The case for financial literacy

Monte Vista students studying during a personal finance class lecture. Students and teachers put an emphasis on the importance of this class primarily for Juniors and Seniors navigating how to manage their finances, or those simply intrigued to learn more about the topic.

Monte Vista students studying during a personal finance class lecture. Students and teachers put an emphasis on the importance of this class primarily for Juniors and Seniors navigating how to manage their finances, or those simply intrigued to learn more about the topic.

When it comes to some of the main principles of financial literacy such as budgeting, saving, investing, and spending, the skill level that people have in grasping these concepts will remain necessary throughout their whole life. Personal finance isn’t taught in most schools. In fact, some schools don’t prioritize or provide personal finance education whatsoever.

     Regardless of the field that students choose to go into after high school, financial education is crucial for people to successfully manage their daily living expenses and manage their resources wisely to create a stable, financial well- being.

      Former President Bill Clinton preached on this topic at the “World’s Largest Financial Literacy Education Event ‘‘ at University Of Southern California’s basketball arena on November 9th, 2014. Clinton explained that financial literacy is “a very fancy term for saying spend it smart, don’t blow it, save what you can and know how the economy works.” 

     He emphasized how many schools don’t do a great job presenting the main principles of financial literacy, and therefore millions of Americans lack basic financial knowledge that they should carry with them throughout their lives.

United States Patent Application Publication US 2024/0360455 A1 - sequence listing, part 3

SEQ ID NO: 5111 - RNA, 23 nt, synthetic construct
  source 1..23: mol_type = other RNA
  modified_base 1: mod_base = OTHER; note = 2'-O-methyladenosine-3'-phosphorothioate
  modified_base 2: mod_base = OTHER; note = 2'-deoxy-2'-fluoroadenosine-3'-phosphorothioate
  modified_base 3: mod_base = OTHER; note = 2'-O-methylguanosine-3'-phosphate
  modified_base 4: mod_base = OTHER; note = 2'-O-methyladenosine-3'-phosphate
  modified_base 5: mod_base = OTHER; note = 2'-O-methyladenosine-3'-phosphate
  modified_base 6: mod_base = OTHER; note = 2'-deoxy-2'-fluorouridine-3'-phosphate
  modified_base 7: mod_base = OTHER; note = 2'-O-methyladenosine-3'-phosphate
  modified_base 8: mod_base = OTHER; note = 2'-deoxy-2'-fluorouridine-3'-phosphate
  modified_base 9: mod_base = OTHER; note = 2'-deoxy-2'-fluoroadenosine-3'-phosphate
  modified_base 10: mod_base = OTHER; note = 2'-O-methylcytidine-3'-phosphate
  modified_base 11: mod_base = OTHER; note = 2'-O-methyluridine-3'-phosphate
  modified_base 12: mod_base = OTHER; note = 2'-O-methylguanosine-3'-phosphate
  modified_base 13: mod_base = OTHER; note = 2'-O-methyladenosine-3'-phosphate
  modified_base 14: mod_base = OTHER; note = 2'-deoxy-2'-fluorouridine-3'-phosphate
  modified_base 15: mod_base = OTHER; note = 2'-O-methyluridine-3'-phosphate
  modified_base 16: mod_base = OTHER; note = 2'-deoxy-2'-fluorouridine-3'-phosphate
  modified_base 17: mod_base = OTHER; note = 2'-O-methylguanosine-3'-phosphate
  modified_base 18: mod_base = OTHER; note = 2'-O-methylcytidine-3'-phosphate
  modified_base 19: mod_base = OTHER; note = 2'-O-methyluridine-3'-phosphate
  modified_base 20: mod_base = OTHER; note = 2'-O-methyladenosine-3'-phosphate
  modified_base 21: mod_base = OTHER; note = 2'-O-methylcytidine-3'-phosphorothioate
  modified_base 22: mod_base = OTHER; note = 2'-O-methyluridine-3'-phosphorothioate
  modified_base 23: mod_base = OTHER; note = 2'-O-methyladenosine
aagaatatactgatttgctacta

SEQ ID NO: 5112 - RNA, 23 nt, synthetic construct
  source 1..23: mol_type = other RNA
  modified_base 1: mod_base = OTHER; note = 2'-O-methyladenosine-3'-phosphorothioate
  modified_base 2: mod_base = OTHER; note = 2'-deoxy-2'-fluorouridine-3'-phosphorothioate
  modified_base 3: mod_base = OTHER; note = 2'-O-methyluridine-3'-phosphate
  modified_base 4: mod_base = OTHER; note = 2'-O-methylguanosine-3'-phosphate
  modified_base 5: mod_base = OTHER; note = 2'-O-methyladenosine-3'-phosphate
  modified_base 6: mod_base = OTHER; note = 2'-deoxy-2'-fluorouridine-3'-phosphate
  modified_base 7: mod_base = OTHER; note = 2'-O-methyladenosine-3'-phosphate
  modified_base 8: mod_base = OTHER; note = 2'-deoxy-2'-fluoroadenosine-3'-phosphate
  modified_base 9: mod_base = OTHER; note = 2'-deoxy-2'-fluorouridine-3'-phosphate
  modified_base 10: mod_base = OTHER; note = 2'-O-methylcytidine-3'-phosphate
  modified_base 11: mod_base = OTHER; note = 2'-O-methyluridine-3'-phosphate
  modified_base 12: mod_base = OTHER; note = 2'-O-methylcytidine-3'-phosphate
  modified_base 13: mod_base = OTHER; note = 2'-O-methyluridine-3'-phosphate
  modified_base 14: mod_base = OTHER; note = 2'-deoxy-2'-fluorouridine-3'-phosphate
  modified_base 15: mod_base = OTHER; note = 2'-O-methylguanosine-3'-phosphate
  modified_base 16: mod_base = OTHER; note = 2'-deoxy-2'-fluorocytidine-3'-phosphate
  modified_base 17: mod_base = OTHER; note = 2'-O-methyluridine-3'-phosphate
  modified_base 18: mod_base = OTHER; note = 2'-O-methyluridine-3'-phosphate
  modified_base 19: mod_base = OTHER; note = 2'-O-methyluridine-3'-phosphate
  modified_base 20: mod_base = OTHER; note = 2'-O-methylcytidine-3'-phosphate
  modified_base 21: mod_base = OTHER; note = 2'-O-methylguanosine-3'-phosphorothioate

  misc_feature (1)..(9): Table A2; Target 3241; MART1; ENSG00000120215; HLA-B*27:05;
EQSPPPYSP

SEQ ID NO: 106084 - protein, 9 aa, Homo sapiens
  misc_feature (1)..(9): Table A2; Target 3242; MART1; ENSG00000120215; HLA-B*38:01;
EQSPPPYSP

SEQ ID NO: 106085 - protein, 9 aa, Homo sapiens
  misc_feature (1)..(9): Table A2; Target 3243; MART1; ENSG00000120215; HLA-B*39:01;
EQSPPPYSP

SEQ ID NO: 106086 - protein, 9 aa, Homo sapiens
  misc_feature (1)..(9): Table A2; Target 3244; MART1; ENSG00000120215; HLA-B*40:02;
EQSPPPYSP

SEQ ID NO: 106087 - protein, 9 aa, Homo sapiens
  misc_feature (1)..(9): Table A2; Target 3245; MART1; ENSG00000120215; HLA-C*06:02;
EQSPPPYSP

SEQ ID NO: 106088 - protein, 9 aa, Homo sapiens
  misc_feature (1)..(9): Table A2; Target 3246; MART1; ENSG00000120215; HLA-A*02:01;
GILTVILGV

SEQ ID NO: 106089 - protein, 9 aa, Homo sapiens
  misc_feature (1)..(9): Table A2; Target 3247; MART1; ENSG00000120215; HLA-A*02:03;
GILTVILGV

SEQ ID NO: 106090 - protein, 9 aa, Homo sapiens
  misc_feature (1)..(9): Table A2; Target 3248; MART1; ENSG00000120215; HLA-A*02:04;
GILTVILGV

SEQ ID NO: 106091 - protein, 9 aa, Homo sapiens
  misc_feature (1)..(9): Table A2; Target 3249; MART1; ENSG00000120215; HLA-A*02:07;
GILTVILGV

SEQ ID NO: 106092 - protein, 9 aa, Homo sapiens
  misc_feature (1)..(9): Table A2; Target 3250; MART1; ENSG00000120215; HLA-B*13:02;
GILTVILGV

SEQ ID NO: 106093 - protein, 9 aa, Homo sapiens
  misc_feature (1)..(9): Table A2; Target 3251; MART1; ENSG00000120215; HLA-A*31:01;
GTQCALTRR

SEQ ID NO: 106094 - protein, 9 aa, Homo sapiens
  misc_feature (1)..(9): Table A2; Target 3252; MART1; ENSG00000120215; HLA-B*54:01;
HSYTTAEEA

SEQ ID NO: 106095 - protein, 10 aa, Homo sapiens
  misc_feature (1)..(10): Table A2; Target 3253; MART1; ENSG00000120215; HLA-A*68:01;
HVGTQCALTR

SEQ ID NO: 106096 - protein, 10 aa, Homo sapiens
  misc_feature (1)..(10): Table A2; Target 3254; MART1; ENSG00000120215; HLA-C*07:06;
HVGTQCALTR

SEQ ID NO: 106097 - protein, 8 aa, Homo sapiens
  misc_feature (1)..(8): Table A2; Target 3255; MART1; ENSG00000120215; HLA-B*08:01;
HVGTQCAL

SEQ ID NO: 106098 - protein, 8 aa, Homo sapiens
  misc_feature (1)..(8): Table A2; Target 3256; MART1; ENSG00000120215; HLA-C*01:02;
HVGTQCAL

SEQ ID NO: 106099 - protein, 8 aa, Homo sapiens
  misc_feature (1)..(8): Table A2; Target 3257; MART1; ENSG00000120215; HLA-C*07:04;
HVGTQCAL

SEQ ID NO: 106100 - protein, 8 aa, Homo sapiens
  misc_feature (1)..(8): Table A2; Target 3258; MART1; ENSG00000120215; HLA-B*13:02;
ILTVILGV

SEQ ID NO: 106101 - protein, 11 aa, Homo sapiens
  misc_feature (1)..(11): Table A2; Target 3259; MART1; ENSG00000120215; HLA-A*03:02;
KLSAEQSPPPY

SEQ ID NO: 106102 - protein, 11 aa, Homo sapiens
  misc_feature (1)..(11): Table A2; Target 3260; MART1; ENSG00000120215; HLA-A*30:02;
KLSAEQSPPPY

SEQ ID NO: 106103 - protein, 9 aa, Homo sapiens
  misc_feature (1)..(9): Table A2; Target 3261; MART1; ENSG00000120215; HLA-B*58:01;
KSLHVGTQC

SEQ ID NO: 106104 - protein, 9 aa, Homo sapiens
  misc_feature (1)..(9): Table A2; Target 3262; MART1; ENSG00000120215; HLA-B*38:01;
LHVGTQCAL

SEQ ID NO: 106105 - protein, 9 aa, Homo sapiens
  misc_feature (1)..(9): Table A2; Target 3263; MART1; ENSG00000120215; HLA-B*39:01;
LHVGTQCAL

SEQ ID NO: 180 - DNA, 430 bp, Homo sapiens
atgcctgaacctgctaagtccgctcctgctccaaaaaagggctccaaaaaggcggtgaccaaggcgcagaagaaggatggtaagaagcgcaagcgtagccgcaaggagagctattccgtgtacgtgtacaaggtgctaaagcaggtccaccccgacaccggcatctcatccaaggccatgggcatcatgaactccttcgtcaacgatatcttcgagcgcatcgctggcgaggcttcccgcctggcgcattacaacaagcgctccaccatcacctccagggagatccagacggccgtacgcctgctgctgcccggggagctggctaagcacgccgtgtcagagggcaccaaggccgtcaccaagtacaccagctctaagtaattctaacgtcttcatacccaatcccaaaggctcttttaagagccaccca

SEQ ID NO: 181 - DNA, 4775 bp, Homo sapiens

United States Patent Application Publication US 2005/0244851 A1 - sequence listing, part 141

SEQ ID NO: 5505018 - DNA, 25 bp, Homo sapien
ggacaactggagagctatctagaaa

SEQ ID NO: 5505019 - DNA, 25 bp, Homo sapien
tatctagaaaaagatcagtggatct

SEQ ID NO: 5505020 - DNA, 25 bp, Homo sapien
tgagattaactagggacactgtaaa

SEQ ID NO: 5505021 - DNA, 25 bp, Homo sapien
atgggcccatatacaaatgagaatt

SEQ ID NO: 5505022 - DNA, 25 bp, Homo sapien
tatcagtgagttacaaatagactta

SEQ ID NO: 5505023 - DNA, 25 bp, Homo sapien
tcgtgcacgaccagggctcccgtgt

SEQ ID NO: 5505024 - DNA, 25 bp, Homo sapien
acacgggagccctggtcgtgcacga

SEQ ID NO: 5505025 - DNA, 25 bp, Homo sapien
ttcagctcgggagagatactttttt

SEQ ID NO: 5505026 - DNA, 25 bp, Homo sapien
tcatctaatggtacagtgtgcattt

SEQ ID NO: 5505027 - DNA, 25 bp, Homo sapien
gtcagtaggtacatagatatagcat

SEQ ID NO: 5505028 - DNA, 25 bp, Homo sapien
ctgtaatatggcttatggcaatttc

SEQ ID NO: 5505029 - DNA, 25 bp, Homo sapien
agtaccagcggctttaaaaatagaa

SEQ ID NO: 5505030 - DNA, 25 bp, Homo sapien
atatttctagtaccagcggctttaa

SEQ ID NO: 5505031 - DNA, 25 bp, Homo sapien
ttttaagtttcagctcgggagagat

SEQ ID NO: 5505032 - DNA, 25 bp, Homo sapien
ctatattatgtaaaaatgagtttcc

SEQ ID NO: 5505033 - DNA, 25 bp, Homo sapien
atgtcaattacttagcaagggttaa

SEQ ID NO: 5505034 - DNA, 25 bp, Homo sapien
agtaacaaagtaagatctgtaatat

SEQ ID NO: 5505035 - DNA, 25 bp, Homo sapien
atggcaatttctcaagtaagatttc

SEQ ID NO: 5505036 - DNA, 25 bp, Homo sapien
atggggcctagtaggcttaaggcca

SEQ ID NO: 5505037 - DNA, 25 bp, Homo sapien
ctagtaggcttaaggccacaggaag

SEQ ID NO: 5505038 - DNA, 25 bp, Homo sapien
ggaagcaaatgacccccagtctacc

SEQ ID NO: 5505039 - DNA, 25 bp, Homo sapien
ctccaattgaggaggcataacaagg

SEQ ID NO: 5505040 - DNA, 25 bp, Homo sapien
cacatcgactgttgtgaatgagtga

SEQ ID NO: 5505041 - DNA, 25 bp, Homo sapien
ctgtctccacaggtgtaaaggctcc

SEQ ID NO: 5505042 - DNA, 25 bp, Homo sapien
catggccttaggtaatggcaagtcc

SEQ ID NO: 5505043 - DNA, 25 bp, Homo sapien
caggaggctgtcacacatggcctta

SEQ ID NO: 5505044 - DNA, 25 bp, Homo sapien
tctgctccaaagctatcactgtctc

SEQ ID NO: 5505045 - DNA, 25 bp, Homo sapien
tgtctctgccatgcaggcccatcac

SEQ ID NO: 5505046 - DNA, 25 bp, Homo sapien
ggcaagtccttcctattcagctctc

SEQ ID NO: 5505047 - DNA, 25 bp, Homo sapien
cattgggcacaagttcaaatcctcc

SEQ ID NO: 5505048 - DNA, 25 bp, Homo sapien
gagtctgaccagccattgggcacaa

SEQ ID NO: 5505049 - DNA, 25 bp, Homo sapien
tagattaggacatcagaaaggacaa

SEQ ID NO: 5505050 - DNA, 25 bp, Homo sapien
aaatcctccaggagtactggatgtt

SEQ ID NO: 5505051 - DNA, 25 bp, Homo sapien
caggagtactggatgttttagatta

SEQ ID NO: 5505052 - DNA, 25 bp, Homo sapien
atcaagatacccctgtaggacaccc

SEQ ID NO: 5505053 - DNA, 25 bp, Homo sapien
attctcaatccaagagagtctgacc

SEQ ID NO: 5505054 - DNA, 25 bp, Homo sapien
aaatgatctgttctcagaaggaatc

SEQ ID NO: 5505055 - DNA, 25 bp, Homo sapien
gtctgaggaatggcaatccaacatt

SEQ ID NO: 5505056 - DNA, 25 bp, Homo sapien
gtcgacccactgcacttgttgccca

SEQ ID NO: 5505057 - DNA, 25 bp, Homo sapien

“If you want to be powerful, if you want to live your dreams, if you want to get an education and make the most of it, [then] you’ve got to know how to handle your money,” Clinton said. 

     The curriculum covered in a personal finance course ranges from financial math and stocks to paying for college and getting a job. These crucial concepts, along with many more are incorporated into a year long course.

Currently at Monte Vista High School one personal finance course is offered with a total of 99 students total enrolled in the course this year. 

      “I would say that everybody should be educated [about personal finance], not just high school students,” Monte Vista math teacher Aimee Kerr said. High school is the perfect time to do it though because many students are about ready to go off to college or maybe start working.   When it comes to the topic of financial literacy, people tend to slip into common pitfalls because they lack the proper education on how to handle their finances. For example, establishing credit history, and understanding what a strong credit score is are some of the many fundamental topics covered in a personal finance course. 

     “[One of the] easy pitfalls is getting a credit card and [not knowing] how to pay it back in full every month,” Kerr said.